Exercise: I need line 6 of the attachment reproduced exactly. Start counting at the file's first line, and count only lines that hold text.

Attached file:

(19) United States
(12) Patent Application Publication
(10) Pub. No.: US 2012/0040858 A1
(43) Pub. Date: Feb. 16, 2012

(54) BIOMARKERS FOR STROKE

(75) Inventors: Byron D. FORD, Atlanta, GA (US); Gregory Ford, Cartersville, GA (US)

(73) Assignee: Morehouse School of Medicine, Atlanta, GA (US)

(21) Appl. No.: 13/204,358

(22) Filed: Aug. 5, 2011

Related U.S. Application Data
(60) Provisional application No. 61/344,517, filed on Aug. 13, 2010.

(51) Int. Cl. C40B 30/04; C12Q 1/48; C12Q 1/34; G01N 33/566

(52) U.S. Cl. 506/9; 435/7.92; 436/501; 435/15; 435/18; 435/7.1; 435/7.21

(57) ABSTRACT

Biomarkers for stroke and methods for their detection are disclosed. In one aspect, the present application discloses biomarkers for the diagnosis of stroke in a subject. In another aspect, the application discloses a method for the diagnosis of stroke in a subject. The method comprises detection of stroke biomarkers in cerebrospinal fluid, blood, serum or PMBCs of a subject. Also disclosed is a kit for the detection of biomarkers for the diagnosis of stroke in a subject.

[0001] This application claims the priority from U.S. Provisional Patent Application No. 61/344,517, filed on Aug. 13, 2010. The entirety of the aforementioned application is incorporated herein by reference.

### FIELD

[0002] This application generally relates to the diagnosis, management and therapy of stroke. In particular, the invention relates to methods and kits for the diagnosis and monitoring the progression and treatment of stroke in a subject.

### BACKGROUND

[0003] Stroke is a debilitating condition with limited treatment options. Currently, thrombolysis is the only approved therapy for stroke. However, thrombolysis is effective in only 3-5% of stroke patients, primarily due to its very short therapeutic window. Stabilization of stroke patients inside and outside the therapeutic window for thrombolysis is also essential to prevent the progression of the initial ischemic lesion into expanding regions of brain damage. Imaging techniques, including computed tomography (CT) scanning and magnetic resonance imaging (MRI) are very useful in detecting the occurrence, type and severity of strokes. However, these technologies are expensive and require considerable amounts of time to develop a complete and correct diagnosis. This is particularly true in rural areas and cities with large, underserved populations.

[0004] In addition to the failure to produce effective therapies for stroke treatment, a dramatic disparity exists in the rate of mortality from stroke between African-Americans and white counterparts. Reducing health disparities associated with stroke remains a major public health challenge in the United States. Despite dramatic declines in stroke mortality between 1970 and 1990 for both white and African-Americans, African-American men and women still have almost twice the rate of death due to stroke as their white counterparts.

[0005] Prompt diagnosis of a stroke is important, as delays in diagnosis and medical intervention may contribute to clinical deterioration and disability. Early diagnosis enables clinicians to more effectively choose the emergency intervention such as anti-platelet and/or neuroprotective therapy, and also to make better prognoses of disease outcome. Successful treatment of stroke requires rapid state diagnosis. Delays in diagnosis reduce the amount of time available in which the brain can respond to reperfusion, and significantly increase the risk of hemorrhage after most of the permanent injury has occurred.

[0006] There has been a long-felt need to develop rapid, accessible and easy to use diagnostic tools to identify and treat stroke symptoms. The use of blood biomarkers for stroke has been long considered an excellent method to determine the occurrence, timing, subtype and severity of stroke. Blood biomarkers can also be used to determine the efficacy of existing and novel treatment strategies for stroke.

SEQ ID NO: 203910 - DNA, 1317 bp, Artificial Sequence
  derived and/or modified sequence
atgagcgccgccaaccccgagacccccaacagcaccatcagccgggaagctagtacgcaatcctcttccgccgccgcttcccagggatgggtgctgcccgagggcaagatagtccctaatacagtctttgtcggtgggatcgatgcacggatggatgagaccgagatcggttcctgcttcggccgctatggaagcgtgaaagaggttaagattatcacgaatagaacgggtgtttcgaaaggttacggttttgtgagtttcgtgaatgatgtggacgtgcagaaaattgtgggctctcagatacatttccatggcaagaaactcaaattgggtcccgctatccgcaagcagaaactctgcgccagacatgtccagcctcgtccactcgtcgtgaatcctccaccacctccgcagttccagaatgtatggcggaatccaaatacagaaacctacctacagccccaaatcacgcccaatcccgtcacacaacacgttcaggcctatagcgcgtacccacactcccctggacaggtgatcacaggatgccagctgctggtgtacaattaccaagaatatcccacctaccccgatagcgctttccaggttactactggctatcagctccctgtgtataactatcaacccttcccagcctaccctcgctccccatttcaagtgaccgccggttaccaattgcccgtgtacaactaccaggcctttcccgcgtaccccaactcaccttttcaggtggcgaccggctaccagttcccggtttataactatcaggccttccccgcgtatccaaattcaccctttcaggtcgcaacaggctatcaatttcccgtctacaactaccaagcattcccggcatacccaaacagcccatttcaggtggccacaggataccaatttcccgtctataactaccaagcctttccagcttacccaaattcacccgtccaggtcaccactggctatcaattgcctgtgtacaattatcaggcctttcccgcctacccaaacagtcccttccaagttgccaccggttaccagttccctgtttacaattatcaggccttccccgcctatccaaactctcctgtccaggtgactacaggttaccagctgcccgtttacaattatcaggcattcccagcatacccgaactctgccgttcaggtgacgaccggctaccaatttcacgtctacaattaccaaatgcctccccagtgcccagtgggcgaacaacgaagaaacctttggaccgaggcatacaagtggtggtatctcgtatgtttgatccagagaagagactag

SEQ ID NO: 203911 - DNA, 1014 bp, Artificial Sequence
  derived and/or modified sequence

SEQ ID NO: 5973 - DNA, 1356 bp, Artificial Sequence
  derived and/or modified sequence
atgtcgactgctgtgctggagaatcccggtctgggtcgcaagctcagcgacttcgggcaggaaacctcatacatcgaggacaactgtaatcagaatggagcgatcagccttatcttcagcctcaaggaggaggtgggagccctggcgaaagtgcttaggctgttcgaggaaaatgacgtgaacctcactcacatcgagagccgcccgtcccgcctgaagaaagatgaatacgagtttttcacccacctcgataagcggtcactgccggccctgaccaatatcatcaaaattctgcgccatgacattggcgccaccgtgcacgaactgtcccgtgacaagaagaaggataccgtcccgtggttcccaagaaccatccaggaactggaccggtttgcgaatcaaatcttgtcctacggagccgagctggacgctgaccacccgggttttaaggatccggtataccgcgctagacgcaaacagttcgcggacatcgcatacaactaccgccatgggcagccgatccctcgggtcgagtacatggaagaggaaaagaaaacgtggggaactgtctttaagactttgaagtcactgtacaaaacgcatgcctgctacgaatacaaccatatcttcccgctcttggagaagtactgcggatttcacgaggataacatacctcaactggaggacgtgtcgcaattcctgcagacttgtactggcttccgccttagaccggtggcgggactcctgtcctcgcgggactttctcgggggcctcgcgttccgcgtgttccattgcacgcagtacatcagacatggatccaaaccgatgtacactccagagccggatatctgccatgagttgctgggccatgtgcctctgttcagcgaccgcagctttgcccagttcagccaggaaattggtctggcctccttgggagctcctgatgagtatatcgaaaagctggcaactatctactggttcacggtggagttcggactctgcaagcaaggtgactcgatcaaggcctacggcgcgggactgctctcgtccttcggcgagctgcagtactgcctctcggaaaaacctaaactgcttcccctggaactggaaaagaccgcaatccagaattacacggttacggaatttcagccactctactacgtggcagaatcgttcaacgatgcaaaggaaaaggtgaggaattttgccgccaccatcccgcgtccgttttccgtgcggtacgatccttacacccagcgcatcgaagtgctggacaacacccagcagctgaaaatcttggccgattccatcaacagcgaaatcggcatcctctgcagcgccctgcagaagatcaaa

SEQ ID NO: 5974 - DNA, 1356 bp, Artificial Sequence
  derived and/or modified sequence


(75) Inventors: Byron D. FORD, Atlanta, GA (US); Gregory Ford, Cartersville, GA (US)